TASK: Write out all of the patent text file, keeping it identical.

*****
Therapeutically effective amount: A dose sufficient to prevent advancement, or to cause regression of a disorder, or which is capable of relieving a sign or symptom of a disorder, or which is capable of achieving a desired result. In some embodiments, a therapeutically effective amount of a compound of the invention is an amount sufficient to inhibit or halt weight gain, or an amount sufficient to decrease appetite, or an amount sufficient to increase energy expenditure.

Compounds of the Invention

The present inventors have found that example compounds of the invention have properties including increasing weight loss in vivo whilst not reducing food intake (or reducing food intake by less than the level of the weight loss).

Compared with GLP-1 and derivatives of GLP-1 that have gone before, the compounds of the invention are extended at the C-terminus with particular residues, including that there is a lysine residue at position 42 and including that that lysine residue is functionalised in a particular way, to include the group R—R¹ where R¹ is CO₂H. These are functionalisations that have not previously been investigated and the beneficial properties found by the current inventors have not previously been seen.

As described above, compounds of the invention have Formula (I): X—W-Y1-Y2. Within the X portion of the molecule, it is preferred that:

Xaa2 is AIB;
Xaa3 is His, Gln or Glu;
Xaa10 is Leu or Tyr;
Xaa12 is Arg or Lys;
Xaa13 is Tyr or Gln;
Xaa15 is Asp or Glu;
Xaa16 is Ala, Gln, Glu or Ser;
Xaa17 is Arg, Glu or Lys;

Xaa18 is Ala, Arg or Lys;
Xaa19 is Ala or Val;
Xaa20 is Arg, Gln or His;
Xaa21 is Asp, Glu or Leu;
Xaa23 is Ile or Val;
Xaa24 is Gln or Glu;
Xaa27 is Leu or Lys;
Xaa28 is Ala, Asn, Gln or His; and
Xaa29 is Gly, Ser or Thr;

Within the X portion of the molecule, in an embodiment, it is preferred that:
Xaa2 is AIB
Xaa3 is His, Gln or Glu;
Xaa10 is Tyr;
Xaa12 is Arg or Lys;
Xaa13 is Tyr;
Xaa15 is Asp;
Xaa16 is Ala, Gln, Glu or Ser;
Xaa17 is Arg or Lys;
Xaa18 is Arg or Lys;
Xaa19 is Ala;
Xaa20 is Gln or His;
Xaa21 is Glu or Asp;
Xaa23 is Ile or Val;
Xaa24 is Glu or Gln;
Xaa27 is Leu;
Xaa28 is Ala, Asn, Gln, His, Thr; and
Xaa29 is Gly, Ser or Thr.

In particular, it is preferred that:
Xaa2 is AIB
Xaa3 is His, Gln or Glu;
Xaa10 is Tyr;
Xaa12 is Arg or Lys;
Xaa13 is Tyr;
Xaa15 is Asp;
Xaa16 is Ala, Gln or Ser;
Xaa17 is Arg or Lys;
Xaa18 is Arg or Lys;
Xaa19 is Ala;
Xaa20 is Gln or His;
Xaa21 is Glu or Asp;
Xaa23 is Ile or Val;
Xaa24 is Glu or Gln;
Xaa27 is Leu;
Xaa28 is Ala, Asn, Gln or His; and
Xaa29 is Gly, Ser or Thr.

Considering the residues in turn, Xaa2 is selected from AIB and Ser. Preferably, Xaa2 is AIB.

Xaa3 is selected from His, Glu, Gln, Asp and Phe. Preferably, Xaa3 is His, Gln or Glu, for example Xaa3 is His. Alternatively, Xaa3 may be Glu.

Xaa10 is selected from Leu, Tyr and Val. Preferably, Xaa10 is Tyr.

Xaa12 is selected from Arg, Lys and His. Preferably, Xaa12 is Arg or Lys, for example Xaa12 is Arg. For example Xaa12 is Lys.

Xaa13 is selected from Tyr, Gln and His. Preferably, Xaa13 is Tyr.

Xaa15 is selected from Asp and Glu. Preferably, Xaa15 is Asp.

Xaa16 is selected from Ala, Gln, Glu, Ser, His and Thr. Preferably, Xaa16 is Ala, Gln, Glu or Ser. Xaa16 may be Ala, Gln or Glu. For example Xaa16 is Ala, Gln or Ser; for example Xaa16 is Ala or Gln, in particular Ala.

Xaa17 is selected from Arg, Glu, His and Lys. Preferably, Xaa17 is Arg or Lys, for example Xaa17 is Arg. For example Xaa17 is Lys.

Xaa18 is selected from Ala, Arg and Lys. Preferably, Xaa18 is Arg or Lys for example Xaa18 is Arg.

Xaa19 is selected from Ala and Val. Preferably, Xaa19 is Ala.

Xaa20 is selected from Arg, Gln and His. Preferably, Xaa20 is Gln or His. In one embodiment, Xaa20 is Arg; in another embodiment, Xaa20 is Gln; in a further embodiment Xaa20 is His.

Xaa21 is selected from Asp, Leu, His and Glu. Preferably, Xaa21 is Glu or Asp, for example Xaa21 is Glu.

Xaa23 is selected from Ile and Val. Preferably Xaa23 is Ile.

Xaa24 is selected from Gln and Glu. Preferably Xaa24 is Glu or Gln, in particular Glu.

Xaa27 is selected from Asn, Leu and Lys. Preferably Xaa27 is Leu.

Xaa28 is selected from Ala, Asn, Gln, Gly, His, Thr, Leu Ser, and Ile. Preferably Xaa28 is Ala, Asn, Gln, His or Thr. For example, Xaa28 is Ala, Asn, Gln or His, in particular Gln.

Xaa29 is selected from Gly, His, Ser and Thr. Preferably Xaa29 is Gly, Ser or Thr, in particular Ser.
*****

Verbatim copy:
Therapeutically effective amount: A dose sufficient to prevent advancement, or to cause regression of a disorder, or which is capable of relieving a sign or symptom of a disorder, or which is capable of achieving a desired result. In some embodiments, a therapeutically effective amount of a compound of the invention is an amount sufficient to inhibit or halt weight gain, or an amount sufficient to decrease appetite, or an amount sufficient to increase energy expenditure.

Compounds of the Invention

The present inventors have found that example compounds of the invention have properties including increasing weight loss in vivo whilst not reducing food intake (or reducing food intake by less than the level of the weight loss).

Compared with GLP-1 and derivatives of GLP-1 that have gone before, the compounds of the invention are extended at the C-terminus with particular residues, including that there is a lysine residue at position 42 and including that that lysine residue is functionalised in a particular way, to include the group R—R¹ where R¹ is CO₂H. These are functionalisations that have not previously been investigated and the beneficial properties found by the current inventors have not previously been seen.

As described above, compounds of the invention have Formula (I): X—W-Y1-Y2. Within the X portion of the molecule, it is preferred that:

Xaa2 is AIB;
Xaa3 is His, Gln or Glu;
Xaa10 is Leu or Tyr;
Xaa12 is Arg or Lys;
Xaa13 is Tyr or Gln;
Xaa15 is Asp or Glu;
Xaa16 is Ala, Gln, Glu or Ser;
Xaa17 is Arg, Glu or Lys;

Xaa18 is Ala, Arg or Lys;
Xaa19 is Ala or Val;
Xaa20 is Arg, Gln or His;
Xaa21 is Asp, Glu or Leu;
Xaa23 is Ile or Val;
Xaa24 is Gln or Glu;
Xaa27 is Leu or Lys;
Xaa28 is Ala, Asn, Gln or His; and
Xaa29 is Gly, Ser or Thr;

Within the X portion of the molecule, in an embodiment, it is preferred that:
Xaa2 is AIB
Xaa3 is His, Gln or Glu;
Xaa10 is Tyr;
Xaa12 is Arg or Lys;
Xaa13 is Tyr;
Xaa15 is Asp;
Xaa16 is Ala, Gln, Glu or Ser;
Xaa17 is Arg or Lys;
Xaa18 is Arg or Lys;
Xaa19 is Ala;
Xaa20 is Gln or His;
Xaa21 is Glu or Asp;
Xaa23 is Ile or Val;
Xaa24 is Glu or Gln;
Xaa27 is Leu;
Xaa28 is Ala, Asn, Gln, His, Thr; and
Xaa29 is Gly, Ser or Thr.

In particular, it is preferred that:
Xaa2 is AIB
Xaa3 is His, Gln or Glu;
Xaa10 is Tyr;
Xaa12 is Arg or Lys;
Xaa13 is Tyr;
Xaa15 is Asp;
Xaa16 is Ala, Gln or Ser;
Xaa17 is Arg or Lys;
Xaa18 is Arg or Lys;
Xaa19 is Ala;
Xaa20 is Gln or His;
Xaa21 is Glu or Asp;
Xaa23 is Ile or Val;
Xaa24 is Glu or Gln;
Xaa27 is Leu;
Xaa28 is Ala, Asn, Gln or His; and
Xaa29 is Gly, Ser or Thr.

Considering the residues in turn, Xaa2 is selected from AIB and Ser. Preferably, Xaa2 is AIB.

Xaa3 is selected from His, Glu, Gln, Asp and Phe. Preferably, Xaa3 is His, Gln or Glu, for example Xaa3 is His. Alternatively, Xaa3 may be Glu.

Xaa10 is selected from Leu, Tyr and Val. Preferably, Xaa10 is Tyr.

Xaa12 is selected from Arg, Lys and His. Preferably, Xaa12 is Arg or Lys, for example Xaa12 is Arg. For example Xaa12 is Lys.

Xaa13 is selected from Tyr, Gln and His. Preferably, Xaa13 is Tyr.

Xaa15 is selected from Asp and Glu. Preferably, Xaa15 is Asp.

Xaa16 is selected from Ala, Gln, Glu, Ser, His and Thr. Preferably, Xaa16 is Ala, Gln, Glu or Ser. Xaa16 may be Ala, Gln or Glu. For example Xaa16 is Ala, Gln or Ser; for example Xaa16 is Ala or Gln, in particular Ala.

Xaa17 is selected from Arg, Glu, His and Lys. Preferably, Xaa17 is Arg or Lys, for example Xaa17 is Arg. For example Xaa17 is Lys.

Xaa18 is selected from Ala, Arg and Lys. Preferably, Xaa18 is Arg or Lys for example Xaa18 is Arg.

Xaa19 is selected from Ala and Val. Preferably, Xaa19 is Ala.

Xaa20 is selected from Arg, Gln and His. Preferably, Xaa20 is Gln or His. In one embodiment, Xaa20 is Arg; in another embodiment, Xaa20 is Gln; in a further embodiment Xaa20 is His.

Xaa21 is selected from Asp, Leu, His and Glu. Preferably, Xaa21 is Glu or Asp, for example Xaa21 is Glu.

Xaa23 is selected from Ile and Val. Preferably Xaa23 is Ile.

Xaa24 is selected from Gln and Glu. Preferably Xaa24 is Glu or Gln, in particular Glu.

Xaa27 is selected from Asn, Leu and Lys. Preferably Xaa27 is Leu.

Xaa28 is selected from Ala, Asn, Gln, Gly, His, Thr, Leu Ser, and Ile. Preferably Xaa28 is Ala, Asn, Gln, His or Thr. For example, Xaa28 is Ala, Asn, Gln or His, in particular Gln.

Xaa29 is selected from Gly, His, Ser and Thr. Preferably Xaa29 is Gly, Ser or Thr, in particular Ser.